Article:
“Lots of things are growing up on Serenity Mountain.  Serenity Ski Resort had been growing for years while I was in prison and now more people from as far away as Chicago, Indiana and other states have taken notice of the valley because of the owners of Serenity.”

Eliza stepped back and realigned the lens to zoom in on the city buildings.  She took a deep breath.  “But now the Snows are working hard to retake control of the government.  Their political slogan is to ‘Take Back our Valley’.”

“I know what that means for the Snow family.  Not only have they lost most of the control, but their finances are being depleted.  Their motives are self-serving.”

“Yes, those pompous, narcissistic jerks don’t do anything that will benefit anyone but themselves.”

Jonus turned and started back toward the cabin.  “I have to head back to the fire tower to relieve the ranger trainee on the east side of Shady.”

Eliza followed him.  “Jonus, I came up here to talk about some issues with your son and Bobby Snow.  I didn’t want to phone you.  Also, I’d like for you to come down and meet with Delia and me about a lot of events going down in the valley.  From your viewpoint, you may have information that might explain a few things.”

“I can come down about three o’clock this afternoon if you’re available at your cabin.”

“I’ll make that happen.”

“As for Brent and Bobby Snow, I’ll tell you, I’m working on it.  But if you would like before you leave, you’re welcome to read my journals in on the desk, just lock up when you’re done.”

Eliza watched as Jonus left walking down the road toward the east.

She turned, entered the back door and looked around, adjusting her eyes to the dim light.  ‘Dad never kept the cabin this organized.’  She thought.

She located the journal and sat down at the old desk.

The inside cover read, “I plan on publishing this in a book entitled, “The Final Fall of the Valley Dynasty”.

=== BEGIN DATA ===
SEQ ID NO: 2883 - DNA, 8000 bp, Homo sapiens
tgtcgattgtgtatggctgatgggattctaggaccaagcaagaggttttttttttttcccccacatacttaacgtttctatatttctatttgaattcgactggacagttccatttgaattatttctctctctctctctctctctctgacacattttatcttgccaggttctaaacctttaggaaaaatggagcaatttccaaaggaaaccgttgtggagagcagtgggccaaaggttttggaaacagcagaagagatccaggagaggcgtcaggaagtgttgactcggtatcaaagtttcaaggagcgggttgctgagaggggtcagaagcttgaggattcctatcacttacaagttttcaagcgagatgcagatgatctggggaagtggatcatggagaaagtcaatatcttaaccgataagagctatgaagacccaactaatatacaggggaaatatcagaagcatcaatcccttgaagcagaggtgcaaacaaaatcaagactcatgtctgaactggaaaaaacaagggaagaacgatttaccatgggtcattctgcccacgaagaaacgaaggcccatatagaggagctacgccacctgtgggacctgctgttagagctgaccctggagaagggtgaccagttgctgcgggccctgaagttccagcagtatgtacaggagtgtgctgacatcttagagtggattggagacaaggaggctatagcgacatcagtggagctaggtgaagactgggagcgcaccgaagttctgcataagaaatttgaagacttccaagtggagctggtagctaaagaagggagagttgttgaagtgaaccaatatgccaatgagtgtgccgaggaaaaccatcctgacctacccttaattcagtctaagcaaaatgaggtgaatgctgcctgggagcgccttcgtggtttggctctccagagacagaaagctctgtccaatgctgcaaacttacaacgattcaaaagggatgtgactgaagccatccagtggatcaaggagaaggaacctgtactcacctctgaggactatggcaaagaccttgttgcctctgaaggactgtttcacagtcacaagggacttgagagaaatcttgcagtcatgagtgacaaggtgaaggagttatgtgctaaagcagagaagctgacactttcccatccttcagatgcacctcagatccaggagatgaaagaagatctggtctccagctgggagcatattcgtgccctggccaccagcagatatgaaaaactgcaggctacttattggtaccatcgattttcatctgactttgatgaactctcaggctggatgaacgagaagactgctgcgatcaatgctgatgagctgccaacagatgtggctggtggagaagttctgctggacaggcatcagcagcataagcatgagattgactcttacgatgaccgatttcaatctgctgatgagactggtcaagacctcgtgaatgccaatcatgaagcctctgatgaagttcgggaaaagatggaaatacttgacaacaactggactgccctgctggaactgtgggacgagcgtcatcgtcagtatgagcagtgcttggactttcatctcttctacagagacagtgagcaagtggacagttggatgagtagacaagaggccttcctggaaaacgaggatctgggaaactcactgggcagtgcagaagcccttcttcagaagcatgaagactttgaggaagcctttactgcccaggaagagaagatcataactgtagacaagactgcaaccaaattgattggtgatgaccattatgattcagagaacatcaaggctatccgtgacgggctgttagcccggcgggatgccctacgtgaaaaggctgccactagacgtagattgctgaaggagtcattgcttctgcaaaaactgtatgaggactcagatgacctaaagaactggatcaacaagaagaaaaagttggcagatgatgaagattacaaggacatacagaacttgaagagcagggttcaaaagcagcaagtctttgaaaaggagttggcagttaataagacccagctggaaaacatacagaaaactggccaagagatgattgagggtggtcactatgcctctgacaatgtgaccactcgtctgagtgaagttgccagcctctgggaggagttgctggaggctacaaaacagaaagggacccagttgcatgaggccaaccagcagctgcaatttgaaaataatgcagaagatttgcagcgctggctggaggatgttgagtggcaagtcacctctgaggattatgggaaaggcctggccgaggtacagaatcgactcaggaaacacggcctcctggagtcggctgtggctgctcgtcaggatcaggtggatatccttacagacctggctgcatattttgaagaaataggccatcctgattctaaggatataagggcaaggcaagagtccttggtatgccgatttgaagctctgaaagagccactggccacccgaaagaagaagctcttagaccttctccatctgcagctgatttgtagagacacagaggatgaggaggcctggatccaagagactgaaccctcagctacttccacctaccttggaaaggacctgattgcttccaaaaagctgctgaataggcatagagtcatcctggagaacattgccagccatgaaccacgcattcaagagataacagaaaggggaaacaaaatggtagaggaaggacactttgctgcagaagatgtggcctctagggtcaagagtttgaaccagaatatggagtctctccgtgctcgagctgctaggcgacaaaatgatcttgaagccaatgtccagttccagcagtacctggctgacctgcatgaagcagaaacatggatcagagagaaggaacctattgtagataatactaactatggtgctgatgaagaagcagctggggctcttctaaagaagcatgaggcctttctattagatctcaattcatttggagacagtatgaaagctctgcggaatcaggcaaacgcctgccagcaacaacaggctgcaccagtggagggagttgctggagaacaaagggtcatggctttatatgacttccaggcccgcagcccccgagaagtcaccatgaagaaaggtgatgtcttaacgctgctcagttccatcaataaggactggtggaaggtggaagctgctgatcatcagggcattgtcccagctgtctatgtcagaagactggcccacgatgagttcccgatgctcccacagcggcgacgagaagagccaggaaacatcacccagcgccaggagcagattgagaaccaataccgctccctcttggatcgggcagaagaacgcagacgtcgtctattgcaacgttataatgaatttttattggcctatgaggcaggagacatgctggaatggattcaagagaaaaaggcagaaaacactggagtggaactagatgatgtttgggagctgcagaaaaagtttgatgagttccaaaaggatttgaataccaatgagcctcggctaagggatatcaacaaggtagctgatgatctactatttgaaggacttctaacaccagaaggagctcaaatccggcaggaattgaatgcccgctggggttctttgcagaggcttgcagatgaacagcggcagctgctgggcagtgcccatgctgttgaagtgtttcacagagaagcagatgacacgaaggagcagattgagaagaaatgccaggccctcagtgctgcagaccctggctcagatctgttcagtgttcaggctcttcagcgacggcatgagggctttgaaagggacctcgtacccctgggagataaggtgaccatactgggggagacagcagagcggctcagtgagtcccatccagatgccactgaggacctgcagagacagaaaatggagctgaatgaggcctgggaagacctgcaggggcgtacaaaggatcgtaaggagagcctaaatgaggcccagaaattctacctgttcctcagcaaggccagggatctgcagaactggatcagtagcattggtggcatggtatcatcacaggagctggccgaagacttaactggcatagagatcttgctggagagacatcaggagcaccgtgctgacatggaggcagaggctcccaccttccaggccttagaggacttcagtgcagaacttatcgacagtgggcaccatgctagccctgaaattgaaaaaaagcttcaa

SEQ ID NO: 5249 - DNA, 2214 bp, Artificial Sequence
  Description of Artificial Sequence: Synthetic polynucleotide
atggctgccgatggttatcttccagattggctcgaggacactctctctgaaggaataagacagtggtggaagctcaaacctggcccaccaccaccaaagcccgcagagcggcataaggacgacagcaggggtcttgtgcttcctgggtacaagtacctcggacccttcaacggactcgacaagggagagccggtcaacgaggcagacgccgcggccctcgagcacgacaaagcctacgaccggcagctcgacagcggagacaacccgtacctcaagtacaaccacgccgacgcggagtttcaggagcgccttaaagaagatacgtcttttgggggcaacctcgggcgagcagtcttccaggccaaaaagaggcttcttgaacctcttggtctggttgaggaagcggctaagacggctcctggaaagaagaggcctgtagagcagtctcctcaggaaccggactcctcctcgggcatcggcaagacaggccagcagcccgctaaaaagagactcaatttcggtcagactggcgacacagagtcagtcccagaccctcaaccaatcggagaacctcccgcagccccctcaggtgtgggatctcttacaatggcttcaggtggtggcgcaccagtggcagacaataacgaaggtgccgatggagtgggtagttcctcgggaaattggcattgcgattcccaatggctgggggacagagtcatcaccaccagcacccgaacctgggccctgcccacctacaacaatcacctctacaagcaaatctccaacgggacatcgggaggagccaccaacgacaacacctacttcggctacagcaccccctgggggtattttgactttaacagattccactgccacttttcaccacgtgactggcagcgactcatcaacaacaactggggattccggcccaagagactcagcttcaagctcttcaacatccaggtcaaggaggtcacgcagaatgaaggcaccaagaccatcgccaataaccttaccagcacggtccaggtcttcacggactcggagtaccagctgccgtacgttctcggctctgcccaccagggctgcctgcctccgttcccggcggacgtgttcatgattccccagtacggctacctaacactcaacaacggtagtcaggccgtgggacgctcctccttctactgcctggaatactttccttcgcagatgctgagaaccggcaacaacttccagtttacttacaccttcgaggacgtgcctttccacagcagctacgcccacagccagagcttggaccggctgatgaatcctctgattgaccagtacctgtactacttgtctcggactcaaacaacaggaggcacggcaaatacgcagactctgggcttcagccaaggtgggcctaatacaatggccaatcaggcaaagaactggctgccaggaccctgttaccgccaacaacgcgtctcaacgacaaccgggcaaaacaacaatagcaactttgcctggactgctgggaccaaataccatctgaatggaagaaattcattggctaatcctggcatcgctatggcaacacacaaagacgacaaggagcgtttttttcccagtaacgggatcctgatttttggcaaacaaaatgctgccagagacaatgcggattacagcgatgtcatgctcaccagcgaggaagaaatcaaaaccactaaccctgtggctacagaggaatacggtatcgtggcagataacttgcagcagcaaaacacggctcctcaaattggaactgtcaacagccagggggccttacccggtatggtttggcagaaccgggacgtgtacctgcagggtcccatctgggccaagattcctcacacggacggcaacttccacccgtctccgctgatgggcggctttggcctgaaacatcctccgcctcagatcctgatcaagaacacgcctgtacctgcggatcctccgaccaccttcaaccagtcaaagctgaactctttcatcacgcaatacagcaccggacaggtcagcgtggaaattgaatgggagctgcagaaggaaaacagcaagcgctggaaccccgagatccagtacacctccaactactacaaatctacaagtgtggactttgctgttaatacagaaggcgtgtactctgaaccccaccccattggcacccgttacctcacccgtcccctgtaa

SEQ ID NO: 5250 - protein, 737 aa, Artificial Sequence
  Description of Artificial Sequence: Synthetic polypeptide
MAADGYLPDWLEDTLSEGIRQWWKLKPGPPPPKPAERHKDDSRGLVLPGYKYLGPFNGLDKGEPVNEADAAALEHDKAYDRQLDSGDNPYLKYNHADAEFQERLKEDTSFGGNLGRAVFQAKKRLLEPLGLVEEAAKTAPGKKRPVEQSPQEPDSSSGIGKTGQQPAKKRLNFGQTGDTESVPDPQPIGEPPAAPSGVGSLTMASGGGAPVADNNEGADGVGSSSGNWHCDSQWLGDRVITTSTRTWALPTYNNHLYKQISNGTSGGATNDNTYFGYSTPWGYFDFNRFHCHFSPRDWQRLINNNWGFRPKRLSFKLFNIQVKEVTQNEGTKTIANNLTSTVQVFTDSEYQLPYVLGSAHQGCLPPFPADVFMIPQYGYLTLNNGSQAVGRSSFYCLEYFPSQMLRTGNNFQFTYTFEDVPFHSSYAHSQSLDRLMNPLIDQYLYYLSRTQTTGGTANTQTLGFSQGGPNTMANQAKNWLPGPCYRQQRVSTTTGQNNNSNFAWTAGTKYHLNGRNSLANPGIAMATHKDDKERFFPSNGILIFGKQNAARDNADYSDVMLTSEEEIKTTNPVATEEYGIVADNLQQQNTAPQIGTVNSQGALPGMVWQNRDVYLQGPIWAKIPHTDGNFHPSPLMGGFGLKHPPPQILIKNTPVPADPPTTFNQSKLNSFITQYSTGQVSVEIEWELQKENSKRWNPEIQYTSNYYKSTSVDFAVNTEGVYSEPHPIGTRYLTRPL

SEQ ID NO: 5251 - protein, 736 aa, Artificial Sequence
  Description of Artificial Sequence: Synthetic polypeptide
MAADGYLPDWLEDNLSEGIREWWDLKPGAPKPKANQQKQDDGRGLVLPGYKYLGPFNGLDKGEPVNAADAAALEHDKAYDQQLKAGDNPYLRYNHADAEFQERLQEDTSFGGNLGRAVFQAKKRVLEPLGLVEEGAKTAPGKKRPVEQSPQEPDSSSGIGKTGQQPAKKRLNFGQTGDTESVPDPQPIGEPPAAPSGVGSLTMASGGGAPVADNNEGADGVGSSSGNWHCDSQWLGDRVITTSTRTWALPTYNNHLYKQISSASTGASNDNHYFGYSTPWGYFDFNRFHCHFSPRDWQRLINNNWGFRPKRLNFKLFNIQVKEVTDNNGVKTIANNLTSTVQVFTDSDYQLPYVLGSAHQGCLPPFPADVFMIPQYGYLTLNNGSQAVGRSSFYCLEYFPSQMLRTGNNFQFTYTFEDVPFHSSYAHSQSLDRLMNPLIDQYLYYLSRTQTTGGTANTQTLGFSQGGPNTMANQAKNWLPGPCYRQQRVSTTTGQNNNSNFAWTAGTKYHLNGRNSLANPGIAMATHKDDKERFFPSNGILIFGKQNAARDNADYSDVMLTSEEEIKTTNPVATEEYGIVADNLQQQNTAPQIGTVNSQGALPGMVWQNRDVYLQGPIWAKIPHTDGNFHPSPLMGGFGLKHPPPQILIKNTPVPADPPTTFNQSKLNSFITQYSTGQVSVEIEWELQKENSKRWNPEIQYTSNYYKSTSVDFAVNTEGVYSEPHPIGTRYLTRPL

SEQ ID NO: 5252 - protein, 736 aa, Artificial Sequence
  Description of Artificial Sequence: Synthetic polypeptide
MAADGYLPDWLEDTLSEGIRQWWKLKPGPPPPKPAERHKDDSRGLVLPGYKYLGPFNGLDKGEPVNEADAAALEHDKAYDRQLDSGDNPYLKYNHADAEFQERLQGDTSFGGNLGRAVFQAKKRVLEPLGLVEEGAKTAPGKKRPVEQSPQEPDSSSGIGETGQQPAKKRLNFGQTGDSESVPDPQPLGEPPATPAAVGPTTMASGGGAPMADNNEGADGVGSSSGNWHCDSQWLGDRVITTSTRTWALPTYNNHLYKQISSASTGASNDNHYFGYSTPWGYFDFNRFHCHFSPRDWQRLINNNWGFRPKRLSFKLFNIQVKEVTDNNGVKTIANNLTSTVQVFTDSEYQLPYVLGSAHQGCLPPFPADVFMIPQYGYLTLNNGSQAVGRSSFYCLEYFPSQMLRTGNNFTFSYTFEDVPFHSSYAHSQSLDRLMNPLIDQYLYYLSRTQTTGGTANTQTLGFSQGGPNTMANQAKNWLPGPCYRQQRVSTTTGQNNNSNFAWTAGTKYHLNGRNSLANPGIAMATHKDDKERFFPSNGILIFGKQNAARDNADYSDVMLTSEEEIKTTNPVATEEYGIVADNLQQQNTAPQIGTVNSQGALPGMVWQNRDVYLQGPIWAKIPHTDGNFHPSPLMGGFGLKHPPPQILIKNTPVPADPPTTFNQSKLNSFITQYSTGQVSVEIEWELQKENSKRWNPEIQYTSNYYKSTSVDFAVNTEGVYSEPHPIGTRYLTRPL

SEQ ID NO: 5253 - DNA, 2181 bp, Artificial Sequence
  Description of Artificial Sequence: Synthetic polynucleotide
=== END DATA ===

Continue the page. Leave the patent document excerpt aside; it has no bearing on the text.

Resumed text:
She began the first page. “The Snow clan felt that they owned the town, because they had been beneficial in getting funds to build the college all those years ago.  Their money earned from the backs of the people in the valley had built the city buildings and the schools for cheap wages and materials.  The college was built to educate the Snow family boys for free and to bring revenue in from outside people who might be supportive of their efforts.  They controlled the enrollment and the employment.  Slowly but surely, the Snows lost their grip on the valley.  That was due in part to the relentless efforts of the Yoders, April Donovan, Eliza Hardigan and Judge Delia Grant.  In addition, the outsiders and some of the valley students would not fall in line with the establishment.  The State Boards of Education eventually moved in on the practices and a more respectable Dean was appointed. 

Before the state moved in and took over and before I was railroaded into prison at 16 years old for supposedly killing Rosco Wray, I had been taking classes at what was then the Snow Valley College on a free scholarship.  The Snows didn't take it lightly that I had been running shine for their competition and dating their daughter. They found a way to expel me.  But I finished my education in prison and I came back to overcome.

The series of books by Jonus Morse had been burned at KKK rallies and denied space in the town library, except for one copy of each in the basement archives where the old librarian had hidden them.  This book will be added to the series and marketed widely.That is true, I know because I have the support of the present government, but the positions are now up for grabs in the next election.  I know I have to overcome my shyness and stand up in order to preserve a good future for my grandson and the valley citizens who have fought so hard for freedom from the evil hold on progress.